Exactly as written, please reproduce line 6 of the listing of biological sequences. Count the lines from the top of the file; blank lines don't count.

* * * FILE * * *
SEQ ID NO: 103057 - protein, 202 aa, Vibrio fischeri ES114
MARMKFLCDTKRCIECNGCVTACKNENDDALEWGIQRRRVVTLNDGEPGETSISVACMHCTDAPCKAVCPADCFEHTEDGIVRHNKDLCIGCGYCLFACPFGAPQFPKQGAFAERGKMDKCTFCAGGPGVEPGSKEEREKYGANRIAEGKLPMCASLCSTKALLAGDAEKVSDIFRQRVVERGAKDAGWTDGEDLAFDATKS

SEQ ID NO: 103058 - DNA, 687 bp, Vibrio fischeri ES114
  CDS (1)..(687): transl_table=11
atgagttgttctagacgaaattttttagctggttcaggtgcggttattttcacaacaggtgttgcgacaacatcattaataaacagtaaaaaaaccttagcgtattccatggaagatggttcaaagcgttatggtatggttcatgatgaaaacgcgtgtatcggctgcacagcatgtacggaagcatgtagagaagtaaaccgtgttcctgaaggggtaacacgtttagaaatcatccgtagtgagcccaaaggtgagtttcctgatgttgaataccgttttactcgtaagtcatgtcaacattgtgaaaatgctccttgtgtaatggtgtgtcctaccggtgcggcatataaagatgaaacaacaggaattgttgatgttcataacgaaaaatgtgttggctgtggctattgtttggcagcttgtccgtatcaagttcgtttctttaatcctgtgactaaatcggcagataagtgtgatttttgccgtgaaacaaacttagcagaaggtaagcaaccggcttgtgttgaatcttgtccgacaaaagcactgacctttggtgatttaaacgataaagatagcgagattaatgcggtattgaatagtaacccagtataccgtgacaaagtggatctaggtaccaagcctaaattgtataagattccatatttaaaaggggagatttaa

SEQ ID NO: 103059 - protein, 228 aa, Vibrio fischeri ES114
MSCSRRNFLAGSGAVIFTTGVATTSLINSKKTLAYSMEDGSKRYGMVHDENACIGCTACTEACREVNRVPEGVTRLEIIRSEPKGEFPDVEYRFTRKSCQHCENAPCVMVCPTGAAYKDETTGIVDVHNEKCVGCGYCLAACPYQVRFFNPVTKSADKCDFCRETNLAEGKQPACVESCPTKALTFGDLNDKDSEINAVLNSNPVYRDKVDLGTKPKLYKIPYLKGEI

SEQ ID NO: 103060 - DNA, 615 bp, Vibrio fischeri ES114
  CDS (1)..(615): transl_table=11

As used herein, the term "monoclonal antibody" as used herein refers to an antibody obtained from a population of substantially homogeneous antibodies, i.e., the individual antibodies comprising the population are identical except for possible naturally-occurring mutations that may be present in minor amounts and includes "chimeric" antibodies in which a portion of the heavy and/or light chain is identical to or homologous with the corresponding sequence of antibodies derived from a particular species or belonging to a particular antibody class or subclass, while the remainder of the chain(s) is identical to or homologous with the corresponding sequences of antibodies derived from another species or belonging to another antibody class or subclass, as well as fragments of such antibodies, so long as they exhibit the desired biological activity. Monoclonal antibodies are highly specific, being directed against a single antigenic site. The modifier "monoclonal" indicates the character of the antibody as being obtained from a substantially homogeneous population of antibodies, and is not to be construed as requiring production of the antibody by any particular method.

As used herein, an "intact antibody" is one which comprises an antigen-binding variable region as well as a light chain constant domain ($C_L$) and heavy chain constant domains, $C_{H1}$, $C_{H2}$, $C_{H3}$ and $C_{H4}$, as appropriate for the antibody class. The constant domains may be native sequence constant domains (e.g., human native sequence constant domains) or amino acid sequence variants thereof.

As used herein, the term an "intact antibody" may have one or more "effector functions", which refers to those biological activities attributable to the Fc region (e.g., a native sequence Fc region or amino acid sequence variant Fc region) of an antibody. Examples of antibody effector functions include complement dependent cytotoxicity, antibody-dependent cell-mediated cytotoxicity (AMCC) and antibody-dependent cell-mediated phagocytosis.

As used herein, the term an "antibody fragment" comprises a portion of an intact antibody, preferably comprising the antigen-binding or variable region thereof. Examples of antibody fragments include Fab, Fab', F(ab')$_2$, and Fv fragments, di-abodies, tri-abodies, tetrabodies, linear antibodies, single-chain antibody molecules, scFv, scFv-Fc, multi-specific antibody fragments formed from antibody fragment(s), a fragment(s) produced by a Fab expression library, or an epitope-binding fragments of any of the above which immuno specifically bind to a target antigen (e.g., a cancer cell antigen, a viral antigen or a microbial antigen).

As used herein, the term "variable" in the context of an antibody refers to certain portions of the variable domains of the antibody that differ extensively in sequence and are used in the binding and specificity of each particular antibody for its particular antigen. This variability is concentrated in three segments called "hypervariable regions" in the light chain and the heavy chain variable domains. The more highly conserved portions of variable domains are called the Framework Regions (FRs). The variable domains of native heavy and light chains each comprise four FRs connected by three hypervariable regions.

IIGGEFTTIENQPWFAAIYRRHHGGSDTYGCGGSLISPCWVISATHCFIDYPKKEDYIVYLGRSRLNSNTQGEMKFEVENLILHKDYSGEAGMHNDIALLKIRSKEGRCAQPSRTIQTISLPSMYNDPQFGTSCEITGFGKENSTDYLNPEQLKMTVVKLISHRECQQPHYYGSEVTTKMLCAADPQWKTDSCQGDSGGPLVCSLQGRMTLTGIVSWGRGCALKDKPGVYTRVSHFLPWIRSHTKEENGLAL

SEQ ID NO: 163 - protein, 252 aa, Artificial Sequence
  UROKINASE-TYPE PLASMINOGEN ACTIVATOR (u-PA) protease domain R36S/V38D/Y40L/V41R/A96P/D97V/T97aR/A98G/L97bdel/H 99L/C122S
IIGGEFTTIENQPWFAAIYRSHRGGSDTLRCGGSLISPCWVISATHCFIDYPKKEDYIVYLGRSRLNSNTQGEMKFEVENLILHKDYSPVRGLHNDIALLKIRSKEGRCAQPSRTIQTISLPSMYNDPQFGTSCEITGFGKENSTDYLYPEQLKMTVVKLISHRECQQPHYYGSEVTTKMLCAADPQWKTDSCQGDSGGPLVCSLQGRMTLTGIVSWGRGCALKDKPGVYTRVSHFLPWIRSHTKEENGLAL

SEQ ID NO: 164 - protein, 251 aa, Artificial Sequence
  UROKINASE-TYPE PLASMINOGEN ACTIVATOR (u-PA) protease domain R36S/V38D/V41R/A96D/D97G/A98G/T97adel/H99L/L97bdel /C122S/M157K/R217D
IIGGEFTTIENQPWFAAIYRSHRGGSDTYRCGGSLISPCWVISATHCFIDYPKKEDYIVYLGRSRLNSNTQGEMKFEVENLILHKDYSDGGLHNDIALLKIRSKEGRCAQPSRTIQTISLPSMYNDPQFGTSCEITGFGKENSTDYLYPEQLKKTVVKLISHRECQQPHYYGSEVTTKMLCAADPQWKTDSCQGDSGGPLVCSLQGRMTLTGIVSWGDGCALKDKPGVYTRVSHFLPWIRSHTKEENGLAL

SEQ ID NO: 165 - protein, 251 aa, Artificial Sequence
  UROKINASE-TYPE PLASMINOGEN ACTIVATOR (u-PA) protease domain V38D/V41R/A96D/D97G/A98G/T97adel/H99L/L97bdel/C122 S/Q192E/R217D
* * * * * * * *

SEQ ID NO: 103059 - protein, 228 aa, Vibrio fischeri ES114